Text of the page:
According to FBI statistics, in 2013 there were 991 tracked incidents of ransomware attacks against business, resulting in losses slightly exceeding half a million dollars.
The number of incidents steadily increased through 2016 when they reached 2,673 for the year, with total losses just shy of two and a half million dollars.
During the 2017-2018 period, the overall number of ransomware attacks declined from their high-water mark, even as the total losses continued to increase. This was a consequence of the hackers targeting larger networks with bigger payoffs. It led some to believe that interest in ransomware was beginning to wane in the hacking community in preference for other forms of attack.
That conclusion seems to have been premature. According to the statistics gathered so far for 2019, there has been an enormous increase in the total number of ransomware attacks. Businesses have borne the brunt of the surge, reporting an increase in excess of 500 percent. While there are no hard figures yet for the total damages, one can expect that the 2019 figures will be as record shattering as the total number of attacks themselves.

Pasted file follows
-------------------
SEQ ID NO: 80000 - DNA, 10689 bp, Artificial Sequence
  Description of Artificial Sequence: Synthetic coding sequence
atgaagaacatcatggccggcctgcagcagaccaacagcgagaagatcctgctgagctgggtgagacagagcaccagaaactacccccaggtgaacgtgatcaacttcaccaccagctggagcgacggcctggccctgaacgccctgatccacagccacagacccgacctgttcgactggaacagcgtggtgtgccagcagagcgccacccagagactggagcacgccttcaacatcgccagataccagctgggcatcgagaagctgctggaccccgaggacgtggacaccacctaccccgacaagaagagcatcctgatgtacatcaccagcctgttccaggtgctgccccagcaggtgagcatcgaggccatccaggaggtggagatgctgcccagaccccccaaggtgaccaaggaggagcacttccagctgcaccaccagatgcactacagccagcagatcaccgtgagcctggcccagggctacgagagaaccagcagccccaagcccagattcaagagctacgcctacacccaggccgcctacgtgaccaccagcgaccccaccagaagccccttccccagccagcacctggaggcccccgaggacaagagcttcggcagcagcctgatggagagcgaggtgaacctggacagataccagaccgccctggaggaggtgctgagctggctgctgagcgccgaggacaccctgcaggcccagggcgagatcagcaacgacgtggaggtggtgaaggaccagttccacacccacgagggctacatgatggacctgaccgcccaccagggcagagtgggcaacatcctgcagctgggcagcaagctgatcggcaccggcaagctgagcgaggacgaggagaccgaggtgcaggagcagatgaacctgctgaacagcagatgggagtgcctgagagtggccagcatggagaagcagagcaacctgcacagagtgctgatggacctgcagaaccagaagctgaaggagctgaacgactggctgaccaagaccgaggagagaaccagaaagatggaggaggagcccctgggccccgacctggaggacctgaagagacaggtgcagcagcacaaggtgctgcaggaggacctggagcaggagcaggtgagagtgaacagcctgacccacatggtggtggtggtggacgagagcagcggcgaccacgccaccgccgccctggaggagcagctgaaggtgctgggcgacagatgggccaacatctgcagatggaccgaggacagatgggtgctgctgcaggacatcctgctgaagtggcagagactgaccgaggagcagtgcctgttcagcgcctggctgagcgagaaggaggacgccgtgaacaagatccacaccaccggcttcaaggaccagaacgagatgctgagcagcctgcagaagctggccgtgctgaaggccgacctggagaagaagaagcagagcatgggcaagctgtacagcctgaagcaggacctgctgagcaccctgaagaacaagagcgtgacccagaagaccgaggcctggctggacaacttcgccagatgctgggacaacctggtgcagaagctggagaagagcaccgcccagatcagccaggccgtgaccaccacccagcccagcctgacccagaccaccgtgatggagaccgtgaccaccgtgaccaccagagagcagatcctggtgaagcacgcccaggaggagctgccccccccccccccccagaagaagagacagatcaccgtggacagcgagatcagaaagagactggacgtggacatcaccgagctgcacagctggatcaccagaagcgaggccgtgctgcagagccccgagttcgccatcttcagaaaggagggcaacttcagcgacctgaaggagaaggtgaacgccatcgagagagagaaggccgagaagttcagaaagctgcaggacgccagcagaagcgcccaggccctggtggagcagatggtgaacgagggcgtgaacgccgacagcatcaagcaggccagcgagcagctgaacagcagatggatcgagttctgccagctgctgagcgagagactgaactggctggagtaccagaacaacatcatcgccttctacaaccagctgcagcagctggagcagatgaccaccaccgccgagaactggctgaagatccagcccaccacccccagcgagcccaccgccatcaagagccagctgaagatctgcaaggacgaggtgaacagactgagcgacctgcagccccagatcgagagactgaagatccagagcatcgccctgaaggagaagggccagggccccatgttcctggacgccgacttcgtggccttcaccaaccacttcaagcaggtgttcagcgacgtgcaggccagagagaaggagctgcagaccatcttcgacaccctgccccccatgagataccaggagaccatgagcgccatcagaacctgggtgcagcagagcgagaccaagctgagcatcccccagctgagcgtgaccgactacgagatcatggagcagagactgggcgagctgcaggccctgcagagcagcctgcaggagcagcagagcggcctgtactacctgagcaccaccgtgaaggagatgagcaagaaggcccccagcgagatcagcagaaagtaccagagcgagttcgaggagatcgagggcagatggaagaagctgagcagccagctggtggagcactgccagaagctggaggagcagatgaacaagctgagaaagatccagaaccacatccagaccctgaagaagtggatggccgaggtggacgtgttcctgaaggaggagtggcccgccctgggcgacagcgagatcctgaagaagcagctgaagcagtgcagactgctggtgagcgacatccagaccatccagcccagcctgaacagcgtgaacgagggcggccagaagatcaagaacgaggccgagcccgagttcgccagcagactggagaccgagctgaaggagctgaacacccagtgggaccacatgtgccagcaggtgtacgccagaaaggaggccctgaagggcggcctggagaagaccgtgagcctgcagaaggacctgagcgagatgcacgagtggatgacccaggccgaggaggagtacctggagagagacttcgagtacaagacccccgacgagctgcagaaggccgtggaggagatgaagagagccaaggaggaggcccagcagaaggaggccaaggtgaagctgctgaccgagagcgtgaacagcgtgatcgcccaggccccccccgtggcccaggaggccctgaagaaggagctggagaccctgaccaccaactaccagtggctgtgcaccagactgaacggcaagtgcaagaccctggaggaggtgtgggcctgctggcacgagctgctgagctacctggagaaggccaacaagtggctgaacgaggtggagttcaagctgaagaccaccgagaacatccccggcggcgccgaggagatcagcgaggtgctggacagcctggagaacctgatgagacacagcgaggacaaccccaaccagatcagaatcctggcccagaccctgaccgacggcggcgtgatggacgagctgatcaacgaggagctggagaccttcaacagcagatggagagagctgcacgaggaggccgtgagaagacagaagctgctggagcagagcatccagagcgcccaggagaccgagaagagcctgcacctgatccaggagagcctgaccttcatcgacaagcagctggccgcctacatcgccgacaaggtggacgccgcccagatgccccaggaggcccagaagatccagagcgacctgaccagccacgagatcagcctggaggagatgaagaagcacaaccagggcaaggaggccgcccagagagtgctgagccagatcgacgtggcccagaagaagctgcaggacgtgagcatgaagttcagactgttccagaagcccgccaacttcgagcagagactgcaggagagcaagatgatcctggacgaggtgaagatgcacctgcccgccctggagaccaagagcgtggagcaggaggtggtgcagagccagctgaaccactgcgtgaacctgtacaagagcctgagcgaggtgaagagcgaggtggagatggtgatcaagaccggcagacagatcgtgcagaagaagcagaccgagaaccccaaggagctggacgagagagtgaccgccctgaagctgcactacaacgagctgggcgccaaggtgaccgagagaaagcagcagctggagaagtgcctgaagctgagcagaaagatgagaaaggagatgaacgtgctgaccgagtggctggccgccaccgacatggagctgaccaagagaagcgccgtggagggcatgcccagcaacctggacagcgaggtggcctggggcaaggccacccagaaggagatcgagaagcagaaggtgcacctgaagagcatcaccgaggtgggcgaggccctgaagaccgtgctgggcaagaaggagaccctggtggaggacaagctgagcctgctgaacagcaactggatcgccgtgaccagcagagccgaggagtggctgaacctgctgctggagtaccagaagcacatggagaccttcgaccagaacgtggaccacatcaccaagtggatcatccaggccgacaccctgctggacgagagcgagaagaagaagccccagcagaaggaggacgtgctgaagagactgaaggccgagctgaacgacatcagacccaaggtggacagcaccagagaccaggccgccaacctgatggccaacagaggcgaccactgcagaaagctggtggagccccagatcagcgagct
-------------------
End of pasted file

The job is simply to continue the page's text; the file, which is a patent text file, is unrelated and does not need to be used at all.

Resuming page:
Of interest, in the same period, ransomware attacks targeting consumers is down markedly. They are down to the point that it’s no longer even in the top ten most common cybercriminal threats that consumers face. That’s good news for the consumer, but businesses are paying the price.
As a business owner, this is valuable information to know because if you are attacked, it’s much more likely that the attack will come in the form of ransomware. Not to say you shouldn’t be on your guard for other types of attacks, but give the reality of scarce IT resources, it pays to know what the biggest threats are.
Used with permission from Article Aggregator
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